First of a series
Last year we ditched the cable and bought into a couple of subscription streaming services. So, come Sunday , and it was promising to be a dull morning. I turned to Amazon Prime Video and browsed some stuff Barbara Jean had earmarked. Wow. Does God Exist? Yes, it’s there, and what a wonderful way it is to brighten up an otherwise dull Sunday morning.
Of course I needed to watch. Here it is.
So I see that guy, and he’s asking the question, “Does God exist?” And he further asks, “Is the Bible really the word of God?” Also, “Was Jesus really the son of God?” These questions, I expect, will be answered. But one question that needs to be answered first is, “Who is that person asking those questions?”
Christians in Cinema: Dave Stotts
After attending Abilene Christian University in the Texas Panhandle, Dave Stotts hopped around a few more places before settling down in the Dallas Metroplex area. Married to Rebekah and the father of 2 sons (Seth and Luke), his time is divided between video post-production, theological studies and making history alive and entertaining.
When asked about his favorite restaurant, he immediately named “Mi Cocina,” which specializes in Tex-Mex cuisine (a man after my own heart!). A fan of science fiction epics (X-men, Superman, Star Wars) married to someone who doesn’t really care for them, Dave often watches his favorites with headphones. He’s even been known to impersonate Darth Vader for his youngest son “Luke, I’m your father”. I talked with Dave on a busy Thursday morning between video projects.
Then we get to the meat of the matter, and we see, as before, creationists Stephen C. Meyer. And it is good to see Dr. Meyer once more, even if this is not a recent production. My hope is he will be touching on a favorite topic of mine, namely Information and Myth:
Having nothing better to do, I was watching this on-line video. And the guy was making some statements about matter and information and energy, and, being composed of these things and having studied them in college, I was a little amazed at what the guy was saying. Time for a Slim Pickens movie quote here.1
The speaker was creationist Stephen C. Meyer, and that was no surprise. Meyer has just published his latest creationist book, and having nothing better to do, I ordered a copy from Amazon.com. Here is what Amazon has to say about the author:
Dr. Stephen C. Meyer received his Ph.D. from the University of Cambridge in the philosophy of science. A former geophysicist and college professor, he now directs the Center for Science and Culture at the Discovery Institute in Seattle.2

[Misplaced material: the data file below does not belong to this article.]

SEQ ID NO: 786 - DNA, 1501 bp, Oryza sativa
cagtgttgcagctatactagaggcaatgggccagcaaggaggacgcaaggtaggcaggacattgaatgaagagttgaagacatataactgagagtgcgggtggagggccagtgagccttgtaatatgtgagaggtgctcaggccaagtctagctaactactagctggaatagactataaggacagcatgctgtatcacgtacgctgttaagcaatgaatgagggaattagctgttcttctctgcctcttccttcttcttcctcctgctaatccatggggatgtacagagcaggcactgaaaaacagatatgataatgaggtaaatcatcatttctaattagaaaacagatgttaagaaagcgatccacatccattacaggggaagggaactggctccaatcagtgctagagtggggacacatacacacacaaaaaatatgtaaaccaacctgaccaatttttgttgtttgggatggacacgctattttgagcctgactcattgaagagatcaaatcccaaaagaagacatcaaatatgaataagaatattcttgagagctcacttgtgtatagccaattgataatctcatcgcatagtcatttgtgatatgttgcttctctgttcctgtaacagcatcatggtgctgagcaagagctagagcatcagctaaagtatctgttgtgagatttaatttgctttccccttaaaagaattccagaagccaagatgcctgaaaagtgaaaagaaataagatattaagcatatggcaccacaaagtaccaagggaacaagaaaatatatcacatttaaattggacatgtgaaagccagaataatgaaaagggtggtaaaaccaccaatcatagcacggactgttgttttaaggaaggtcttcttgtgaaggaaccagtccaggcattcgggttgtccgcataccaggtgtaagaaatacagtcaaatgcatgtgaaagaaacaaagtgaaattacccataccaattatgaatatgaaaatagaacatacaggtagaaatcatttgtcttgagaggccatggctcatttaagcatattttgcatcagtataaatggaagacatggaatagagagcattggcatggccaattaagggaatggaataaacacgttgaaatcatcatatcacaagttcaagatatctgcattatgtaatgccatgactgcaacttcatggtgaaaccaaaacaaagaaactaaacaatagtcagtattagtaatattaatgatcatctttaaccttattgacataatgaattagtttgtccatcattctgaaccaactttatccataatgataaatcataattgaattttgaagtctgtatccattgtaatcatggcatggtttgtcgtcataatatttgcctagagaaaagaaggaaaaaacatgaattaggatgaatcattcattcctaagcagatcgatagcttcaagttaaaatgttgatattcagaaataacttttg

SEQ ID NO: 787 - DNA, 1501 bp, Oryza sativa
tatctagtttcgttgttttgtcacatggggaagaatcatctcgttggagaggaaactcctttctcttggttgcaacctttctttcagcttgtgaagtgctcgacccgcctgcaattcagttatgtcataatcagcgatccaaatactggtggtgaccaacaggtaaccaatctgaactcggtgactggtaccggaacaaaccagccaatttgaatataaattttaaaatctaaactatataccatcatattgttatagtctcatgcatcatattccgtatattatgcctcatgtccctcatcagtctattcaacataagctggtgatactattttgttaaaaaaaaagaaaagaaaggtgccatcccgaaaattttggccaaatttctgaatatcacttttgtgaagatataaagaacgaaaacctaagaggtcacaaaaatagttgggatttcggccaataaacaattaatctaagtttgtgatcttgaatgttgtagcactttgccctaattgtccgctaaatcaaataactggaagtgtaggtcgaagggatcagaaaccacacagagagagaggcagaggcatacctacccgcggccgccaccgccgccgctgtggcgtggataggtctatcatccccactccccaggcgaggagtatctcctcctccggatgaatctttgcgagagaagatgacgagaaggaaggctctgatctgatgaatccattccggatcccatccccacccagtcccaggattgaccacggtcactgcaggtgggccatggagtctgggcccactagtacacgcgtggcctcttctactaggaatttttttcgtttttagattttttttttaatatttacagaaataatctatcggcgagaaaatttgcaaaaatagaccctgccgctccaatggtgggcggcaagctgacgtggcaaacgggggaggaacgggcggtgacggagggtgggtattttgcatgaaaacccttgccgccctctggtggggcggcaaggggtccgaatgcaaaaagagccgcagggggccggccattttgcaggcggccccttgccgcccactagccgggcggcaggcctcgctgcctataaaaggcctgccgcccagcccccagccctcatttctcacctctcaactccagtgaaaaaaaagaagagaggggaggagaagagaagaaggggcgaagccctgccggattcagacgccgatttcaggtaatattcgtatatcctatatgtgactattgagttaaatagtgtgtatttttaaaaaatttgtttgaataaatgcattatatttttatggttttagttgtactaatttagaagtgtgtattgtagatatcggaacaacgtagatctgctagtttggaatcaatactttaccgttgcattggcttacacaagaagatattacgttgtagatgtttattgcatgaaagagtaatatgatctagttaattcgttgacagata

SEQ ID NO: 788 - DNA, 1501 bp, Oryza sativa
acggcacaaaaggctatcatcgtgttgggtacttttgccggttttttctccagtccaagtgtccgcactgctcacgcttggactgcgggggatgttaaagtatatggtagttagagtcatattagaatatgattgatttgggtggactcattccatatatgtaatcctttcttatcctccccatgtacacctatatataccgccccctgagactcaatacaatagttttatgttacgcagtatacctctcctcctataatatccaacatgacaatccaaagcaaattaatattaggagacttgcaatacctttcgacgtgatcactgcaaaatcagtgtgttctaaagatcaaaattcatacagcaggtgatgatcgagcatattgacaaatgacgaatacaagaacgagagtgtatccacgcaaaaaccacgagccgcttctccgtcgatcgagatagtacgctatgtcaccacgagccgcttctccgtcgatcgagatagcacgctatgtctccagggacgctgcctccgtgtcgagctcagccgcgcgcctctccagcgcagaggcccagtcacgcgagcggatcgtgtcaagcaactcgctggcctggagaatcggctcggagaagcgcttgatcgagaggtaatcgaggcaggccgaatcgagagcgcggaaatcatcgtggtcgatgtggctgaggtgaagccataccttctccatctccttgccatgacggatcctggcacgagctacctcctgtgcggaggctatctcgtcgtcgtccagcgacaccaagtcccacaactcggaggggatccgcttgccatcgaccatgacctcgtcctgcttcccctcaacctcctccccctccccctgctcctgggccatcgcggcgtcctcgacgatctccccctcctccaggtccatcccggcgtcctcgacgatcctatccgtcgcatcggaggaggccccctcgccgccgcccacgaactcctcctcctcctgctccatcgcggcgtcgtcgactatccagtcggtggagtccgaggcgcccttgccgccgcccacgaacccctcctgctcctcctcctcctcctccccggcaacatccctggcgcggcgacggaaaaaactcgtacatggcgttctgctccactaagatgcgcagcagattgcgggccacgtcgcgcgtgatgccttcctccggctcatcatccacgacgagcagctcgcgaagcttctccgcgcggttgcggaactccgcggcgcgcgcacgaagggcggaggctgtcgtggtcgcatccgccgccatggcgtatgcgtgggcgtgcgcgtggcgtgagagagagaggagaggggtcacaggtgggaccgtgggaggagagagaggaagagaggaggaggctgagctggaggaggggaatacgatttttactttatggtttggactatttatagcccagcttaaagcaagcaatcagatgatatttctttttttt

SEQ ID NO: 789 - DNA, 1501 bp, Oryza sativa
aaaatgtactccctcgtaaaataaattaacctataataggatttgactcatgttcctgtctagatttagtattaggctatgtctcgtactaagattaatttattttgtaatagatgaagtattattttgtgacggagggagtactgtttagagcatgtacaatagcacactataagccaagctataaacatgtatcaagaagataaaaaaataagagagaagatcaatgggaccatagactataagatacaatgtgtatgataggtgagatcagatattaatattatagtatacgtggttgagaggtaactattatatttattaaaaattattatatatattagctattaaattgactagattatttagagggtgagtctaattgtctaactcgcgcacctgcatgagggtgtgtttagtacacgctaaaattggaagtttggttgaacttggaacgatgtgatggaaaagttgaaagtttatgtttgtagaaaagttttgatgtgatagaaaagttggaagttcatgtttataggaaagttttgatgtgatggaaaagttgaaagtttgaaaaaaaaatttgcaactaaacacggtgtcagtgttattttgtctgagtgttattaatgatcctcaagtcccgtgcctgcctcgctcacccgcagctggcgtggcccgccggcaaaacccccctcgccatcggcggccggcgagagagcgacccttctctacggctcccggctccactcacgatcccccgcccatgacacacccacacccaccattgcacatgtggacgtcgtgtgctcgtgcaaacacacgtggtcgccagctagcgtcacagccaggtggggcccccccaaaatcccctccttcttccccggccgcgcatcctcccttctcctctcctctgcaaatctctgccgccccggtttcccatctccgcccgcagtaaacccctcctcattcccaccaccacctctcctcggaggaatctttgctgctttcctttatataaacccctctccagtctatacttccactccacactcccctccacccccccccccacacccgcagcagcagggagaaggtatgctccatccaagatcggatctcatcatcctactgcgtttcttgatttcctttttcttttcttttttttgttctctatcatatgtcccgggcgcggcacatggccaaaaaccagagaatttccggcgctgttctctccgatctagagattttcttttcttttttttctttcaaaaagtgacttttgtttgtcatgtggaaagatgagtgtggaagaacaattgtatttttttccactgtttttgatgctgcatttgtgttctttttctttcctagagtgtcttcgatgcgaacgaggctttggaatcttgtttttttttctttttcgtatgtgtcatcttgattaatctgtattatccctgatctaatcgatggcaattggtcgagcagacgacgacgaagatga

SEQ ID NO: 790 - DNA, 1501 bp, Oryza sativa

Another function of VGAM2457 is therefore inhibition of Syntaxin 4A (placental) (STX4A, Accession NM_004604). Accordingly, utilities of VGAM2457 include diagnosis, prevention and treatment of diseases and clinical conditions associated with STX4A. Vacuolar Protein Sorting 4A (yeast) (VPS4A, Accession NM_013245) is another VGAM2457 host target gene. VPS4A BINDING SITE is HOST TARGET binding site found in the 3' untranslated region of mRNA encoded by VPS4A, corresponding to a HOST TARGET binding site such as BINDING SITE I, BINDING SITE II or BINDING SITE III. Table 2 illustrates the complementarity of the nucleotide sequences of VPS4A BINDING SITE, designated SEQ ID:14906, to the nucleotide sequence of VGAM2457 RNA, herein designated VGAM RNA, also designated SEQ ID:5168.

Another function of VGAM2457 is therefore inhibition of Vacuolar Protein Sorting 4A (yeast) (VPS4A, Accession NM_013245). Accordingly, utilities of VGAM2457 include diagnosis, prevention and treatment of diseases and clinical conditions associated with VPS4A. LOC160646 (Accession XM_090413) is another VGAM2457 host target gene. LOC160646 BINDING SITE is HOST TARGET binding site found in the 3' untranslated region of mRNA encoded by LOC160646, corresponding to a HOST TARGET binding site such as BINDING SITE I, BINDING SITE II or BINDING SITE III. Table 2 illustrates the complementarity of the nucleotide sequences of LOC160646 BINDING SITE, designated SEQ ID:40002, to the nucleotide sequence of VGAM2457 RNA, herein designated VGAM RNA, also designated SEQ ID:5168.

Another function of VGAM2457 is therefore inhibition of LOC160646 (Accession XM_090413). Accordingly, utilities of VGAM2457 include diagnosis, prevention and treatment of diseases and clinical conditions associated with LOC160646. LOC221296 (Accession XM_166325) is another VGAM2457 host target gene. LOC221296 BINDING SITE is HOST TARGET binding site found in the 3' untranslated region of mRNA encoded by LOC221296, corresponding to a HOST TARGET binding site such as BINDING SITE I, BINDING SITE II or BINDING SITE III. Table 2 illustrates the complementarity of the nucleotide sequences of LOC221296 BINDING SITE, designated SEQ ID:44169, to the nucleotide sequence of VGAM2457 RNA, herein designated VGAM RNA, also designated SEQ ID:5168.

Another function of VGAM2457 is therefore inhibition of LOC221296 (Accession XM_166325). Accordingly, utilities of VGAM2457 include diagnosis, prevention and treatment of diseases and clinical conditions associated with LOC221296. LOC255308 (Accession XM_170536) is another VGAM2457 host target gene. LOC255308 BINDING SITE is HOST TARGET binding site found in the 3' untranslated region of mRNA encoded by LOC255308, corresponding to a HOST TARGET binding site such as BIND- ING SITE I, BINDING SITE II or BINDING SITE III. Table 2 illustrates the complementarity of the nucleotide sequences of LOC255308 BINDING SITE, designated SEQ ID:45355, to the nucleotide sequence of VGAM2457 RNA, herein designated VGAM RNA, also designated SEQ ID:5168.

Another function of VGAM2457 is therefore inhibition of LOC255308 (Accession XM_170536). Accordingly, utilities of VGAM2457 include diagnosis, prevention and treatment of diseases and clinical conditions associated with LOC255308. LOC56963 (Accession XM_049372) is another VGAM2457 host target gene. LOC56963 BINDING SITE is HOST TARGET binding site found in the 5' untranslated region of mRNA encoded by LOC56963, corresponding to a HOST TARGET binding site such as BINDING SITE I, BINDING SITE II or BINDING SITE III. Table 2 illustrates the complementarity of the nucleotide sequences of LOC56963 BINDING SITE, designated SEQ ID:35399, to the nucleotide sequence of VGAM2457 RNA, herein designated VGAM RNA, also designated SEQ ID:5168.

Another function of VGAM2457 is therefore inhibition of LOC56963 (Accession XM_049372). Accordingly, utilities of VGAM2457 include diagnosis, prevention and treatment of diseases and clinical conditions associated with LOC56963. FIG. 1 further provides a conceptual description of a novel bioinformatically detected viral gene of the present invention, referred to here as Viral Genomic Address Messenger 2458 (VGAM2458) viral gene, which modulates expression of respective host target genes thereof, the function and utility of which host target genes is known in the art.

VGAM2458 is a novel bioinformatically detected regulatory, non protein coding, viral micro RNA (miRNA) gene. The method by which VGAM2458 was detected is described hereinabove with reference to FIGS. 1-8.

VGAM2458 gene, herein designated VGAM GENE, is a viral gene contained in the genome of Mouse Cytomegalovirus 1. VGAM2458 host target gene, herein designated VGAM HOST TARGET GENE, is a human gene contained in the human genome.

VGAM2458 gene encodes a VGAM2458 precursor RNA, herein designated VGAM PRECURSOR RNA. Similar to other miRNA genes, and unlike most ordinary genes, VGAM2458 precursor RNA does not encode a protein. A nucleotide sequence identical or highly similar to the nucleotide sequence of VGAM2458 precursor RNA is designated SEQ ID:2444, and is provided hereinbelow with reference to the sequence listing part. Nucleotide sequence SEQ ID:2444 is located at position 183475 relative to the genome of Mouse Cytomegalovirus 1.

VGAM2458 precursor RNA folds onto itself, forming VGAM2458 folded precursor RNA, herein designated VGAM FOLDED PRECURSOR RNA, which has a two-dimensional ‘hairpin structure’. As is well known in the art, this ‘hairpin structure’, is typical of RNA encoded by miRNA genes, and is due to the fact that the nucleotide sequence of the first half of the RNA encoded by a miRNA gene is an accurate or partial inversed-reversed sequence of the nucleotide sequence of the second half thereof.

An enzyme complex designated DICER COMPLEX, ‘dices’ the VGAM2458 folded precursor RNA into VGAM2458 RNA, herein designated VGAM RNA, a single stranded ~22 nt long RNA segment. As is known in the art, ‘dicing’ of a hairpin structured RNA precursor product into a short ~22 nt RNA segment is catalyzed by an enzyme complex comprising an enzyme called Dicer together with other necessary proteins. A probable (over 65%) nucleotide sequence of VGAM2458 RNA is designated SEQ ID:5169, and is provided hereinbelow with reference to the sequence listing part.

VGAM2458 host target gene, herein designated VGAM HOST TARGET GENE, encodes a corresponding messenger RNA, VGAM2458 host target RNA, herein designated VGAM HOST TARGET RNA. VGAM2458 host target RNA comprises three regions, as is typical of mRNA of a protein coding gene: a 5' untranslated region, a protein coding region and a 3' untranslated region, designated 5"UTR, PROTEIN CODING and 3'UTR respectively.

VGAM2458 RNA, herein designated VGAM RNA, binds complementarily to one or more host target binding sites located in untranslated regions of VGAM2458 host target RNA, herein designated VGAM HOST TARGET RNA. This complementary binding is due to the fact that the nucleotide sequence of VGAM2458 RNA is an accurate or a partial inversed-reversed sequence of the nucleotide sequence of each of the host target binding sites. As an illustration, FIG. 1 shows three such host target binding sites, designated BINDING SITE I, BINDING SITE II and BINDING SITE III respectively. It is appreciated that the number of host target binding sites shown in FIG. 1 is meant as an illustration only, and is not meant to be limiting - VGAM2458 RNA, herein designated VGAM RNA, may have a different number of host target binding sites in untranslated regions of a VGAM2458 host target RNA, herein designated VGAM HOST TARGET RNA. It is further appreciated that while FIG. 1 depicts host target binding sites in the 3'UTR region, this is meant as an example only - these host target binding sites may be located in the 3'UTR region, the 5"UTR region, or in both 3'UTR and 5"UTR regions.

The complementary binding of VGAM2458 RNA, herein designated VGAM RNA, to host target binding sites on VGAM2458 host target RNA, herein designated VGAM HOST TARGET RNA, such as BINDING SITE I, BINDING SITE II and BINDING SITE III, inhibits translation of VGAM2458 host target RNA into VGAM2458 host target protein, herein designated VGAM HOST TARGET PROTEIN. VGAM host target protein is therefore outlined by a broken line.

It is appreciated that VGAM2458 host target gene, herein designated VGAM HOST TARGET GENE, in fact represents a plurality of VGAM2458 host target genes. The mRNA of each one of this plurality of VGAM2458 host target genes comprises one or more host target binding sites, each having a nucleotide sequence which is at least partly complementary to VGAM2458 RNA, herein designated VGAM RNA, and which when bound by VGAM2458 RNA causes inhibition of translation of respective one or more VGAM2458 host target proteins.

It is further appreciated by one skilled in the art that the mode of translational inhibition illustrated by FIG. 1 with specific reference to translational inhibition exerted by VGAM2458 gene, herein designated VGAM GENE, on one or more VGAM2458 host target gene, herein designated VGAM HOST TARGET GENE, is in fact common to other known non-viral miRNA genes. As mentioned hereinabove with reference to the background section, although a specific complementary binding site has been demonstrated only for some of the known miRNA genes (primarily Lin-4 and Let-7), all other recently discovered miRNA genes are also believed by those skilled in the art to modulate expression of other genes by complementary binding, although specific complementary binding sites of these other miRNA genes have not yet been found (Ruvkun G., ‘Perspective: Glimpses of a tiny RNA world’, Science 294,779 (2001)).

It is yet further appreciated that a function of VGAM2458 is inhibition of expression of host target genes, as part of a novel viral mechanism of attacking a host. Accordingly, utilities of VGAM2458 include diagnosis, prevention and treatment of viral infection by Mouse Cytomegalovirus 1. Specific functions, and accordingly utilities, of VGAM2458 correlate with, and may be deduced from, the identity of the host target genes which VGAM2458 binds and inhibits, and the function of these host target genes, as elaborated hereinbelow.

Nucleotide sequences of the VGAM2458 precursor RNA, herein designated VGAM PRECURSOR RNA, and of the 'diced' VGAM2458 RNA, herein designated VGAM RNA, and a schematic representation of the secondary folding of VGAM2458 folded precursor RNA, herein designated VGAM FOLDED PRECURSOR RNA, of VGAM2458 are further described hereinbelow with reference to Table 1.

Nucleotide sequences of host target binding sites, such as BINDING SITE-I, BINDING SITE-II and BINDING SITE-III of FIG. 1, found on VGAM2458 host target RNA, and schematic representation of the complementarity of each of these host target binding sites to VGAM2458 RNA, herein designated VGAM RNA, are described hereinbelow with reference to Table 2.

Much is promised for this book. It’s supposed to set us straight about the basis for Intelligent Design and to make the case, using the story of DNA, for Intelligent Design. Once again, I will let Amazon do the talking:
That’s what I had to say eight years ago.
This seems to be a new setting. It is from all appearances a college classroom, and Meyer is going to address the question of whether God exists, and we can guess what the answer will be.
First off, I was unable to escape the notion this was dramatized. It gives the appearance of classroom instruction viewed live, but the use of multiple camera angles and the timing of the actions makes me doubt this could have been pulled off live. Live does not go this smoothly. There are times, when the camera angle shifts, that I would expect to see the camera that shot the previous view, and I do not. Let’s assume this is an informal, staged production. Also, in case you were not aware, this is a production of Focus on the Family:
Focus on the Family (FOTF or FotF) is an American Christian conservative organization founded in 1977 in Southern California by psychologistJames Dobson, based in Colorado Springs, Colorado. It is active in promoting an interdenominational effort toward its socially conservative views on public policy. Focus on the Family is one of a number of evangelical parachurch organizations that rose to prominence in the 1980s.
Focus on the Family’s stated mission is “nurturing and defending the God-ordained institution of the family and promoting biblical truths worldwide”. It promotes abstinence-only sexual education; creationism; adoption by married, opposite-sex parents; school prayer; and traditional gender roles. It opposes abortion; divorce; gambling; LGBT rights, particularly LGBT adoption and same-sex marriage; pornography; pre-marital sex; and substance abuse. Psychologists, psychiatrists, and social scientists have criticized Focus on the Family for trying to misrepresent their research to bolster FOTF’s fundamentalist political agenda and ideology.
We can tell up front there’s going to be a lot of solid science coming out of this.